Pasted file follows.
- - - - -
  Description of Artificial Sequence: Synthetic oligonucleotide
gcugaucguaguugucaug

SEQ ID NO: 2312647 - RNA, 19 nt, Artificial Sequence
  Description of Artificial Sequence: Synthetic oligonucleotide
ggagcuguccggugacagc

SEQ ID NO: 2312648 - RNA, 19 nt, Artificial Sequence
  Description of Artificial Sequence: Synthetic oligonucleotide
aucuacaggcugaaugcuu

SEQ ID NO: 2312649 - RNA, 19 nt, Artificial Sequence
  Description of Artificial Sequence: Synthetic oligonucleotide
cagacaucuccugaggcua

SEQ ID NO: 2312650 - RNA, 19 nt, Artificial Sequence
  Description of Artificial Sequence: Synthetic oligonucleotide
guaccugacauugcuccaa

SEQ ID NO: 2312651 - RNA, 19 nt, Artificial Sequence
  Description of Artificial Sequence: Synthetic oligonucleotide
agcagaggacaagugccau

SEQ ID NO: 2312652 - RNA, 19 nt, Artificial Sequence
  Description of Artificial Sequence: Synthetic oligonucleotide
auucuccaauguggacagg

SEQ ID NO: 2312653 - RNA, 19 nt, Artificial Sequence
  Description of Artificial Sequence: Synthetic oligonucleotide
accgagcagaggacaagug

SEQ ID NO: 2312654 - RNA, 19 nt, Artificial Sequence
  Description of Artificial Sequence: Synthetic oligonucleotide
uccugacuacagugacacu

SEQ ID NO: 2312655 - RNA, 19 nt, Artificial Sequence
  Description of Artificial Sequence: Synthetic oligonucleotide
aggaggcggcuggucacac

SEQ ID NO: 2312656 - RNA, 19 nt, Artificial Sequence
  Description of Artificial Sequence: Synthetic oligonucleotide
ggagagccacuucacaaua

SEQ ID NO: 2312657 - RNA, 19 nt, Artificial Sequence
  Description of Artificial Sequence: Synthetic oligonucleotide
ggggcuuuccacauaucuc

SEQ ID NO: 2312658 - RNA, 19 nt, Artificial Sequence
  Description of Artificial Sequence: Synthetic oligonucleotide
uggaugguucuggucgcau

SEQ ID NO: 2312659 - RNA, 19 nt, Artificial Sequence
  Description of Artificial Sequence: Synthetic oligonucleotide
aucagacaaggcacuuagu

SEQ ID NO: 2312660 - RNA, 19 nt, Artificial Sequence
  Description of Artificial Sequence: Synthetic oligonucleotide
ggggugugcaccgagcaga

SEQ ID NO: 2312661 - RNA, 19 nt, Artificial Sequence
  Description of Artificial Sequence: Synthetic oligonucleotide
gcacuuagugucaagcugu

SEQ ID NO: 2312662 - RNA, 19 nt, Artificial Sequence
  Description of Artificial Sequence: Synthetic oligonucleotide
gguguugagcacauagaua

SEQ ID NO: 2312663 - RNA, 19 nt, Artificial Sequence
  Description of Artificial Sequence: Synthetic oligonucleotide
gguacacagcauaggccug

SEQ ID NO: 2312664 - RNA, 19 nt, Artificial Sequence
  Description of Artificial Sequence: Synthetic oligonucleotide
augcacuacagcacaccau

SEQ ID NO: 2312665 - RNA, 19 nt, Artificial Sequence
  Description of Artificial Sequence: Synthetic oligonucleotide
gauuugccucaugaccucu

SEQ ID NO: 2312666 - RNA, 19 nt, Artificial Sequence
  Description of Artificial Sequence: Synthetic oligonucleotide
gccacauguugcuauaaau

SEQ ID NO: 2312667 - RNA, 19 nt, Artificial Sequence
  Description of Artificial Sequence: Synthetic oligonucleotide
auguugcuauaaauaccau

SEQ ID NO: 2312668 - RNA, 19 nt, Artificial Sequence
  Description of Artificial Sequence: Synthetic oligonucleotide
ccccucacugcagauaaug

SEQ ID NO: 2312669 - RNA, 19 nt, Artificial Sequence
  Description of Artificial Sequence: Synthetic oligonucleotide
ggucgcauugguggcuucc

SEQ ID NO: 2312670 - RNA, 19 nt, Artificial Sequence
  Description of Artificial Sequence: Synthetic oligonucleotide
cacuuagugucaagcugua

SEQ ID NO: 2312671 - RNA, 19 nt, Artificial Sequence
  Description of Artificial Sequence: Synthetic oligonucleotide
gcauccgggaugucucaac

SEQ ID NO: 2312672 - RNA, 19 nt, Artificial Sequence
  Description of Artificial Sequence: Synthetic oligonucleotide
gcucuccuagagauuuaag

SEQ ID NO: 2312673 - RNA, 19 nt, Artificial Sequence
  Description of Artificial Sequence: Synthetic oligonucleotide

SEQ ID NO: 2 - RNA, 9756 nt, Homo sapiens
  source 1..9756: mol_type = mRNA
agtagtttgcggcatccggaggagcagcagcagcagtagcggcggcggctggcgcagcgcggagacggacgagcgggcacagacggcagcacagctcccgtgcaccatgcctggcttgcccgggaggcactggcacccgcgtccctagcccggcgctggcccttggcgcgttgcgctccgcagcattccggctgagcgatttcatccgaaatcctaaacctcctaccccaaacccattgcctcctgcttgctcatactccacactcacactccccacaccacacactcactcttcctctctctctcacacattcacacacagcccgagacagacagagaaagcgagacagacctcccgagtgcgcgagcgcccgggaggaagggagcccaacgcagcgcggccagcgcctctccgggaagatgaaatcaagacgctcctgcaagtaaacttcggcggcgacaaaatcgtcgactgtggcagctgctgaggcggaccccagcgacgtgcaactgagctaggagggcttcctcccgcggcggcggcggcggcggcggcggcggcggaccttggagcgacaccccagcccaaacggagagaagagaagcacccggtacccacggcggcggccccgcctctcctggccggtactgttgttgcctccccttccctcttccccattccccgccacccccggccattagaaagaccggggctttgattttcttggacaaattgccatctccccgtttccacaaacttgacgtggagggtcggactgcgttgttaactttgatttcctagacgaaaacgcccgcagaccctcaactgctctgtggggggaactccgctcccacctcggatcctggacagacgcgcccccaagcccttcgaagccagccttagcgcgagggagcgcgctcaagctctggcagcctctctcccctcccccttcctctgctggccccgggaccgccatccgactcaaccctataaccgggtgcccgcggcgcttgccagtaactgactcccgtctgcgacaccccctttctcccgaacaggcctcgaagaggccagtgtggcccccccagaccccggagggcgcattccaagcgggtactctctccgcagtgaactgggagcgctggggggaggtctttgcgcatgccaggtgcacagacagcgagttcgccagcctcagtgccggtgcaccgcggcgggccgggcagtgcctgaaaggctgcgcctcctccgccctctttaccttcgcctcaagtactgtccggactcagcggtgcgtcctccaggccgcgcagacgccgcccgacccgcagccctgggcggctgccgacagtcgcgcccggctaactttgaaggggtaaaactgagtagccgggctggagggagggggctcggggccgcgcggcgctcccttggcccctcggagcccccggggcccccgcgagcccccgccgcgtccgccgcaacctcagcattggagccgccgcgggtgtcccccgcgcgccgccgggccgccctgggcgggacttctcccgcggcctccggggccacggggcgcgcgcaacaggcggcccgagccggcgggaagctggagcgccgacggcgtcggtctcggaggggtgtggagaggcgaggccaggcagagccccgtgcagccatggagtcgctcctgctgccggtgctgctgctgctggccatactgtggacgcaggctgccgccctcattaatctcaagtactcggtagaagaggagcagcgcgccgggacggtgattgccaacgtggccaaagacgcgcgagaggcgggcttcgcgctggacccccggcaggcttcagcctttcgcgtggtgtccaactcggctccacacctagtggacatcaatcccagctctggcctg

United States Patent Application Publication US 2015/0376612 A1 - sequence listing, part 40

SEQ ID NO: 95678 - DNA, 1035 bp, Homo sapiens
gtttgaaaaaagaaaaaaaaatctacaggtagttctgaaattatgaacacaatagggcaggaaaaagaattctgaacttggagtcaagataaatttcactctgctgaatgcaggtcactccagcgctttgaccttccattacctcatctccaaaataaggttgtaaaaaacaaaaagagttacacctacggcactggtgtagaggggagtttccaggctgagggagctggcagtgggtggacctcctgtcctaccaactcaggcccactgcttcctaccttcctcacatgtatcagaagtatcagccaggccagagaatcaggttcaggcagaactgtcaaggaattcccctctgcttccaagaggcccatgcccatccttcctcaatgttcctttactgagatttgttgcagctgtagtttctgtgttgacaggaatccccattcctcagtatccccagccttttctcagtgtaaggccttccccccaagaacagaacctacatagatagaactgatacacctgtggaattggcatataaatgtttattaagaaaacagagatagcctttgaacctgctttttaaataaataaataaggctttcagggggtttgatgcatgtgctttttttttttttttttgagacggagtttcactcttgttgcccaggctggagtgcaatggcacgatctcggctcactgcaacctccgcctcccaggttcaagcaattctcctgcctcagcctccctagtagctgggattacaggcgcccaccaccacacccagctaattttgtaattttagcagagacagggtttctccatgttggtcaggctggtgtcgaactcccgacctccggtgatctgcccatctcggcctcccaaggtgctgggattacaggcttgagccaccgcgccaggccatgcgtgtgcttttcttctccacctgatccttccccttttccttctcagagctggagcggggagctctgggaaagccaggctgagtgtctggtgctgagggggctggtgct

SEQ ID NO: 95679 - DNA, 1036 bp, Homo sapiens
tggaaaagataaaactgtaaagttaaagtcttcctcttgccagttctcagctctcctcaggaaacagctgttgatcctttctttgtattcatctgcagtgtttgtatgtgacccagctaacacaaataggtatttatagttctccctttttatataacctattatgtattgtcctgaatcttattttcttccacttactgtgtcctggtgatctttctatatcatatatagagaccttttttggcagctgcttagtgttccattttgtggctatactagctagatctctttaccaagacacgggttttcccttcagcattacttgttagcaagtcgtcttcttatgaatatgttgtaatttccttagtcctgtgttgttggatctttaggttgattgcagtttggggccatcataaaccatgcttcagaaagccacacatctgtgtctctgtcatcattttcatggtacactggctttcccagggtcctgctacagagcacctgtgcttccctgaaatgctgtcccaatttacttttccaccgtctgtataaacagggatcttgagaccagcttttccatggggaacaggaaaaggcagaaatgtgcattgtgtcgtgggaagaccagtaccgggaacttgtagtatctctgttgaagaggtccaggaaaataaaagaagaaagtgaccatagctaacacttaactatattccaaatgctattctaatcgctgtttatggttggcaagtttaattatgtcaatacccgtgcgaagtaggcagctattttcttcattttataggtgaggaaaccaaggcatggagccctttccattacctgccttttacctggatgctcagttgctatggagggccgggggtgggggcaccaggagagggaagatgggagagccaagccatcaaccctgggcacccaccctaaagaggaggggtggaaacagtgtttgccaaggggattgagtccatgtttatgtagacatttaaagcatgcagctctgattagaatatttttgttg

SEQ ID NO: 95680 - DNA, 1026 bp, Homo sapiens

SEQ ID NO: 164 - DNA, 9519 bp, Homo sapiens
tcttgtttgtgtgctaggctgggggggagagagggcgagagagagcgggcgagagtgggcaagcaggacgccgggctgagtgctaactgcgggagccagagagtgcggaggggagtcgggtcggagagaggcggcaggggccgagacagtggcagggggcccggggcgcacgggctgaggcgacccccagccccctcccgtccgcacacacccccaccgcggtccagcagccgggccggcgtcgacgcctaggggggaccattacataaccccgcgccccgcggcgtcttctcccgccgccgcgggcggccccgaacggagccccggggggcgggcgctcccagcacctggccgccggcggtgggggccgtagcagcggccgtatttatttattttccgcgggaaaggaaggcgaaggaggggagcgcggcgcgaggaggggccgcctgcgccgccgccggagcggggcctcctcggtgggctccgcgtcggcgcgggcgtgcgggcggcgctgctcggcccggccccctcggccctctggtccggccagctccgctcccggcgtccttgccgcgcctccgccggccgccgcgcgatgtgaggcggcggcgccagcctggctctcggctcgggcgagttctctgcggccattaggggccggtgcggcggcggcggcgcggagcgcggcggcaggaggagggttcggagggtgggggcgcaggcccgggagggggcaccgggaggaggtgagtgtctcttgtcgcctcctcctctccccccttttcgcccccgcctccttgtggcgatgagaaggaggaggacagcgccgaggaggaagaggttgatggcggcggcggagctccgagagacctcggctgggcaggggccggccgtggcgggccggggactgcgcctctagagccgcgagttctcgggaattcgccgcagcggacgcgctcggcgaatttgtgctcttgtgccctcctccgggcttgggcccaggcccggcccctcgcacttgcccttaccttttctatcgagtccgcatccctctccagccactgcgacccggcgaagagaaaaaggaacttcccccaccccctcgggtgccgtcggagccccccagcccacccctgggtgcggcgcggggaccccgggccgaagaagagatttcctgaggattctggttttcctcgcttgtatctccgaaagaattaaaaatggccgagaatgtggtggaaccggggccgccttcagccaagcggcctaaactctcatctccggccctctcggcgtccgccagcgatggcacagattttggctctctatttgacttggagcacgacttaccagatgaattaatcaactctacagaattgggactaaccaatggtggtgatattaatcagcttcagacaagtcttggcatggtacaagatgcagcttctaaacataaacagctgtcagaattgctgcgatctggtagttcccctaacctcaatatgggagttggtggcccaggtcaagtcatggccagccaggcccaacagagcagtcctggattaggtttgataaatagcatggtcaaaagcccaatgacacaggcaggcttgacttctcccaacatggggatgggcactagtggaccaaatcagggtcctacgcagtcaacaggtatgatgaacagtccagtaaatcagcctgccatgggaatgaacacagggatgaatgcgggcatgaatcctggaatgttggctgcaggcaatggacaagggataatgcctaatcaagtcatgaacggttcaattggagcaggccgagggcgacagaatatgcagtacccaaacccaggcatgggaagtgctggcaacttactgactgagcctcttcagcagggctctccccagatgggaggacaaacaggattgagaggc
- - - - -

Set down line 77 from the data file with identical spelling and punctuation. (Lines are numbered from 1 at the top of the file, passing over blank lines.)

gcauccgggaugucucaac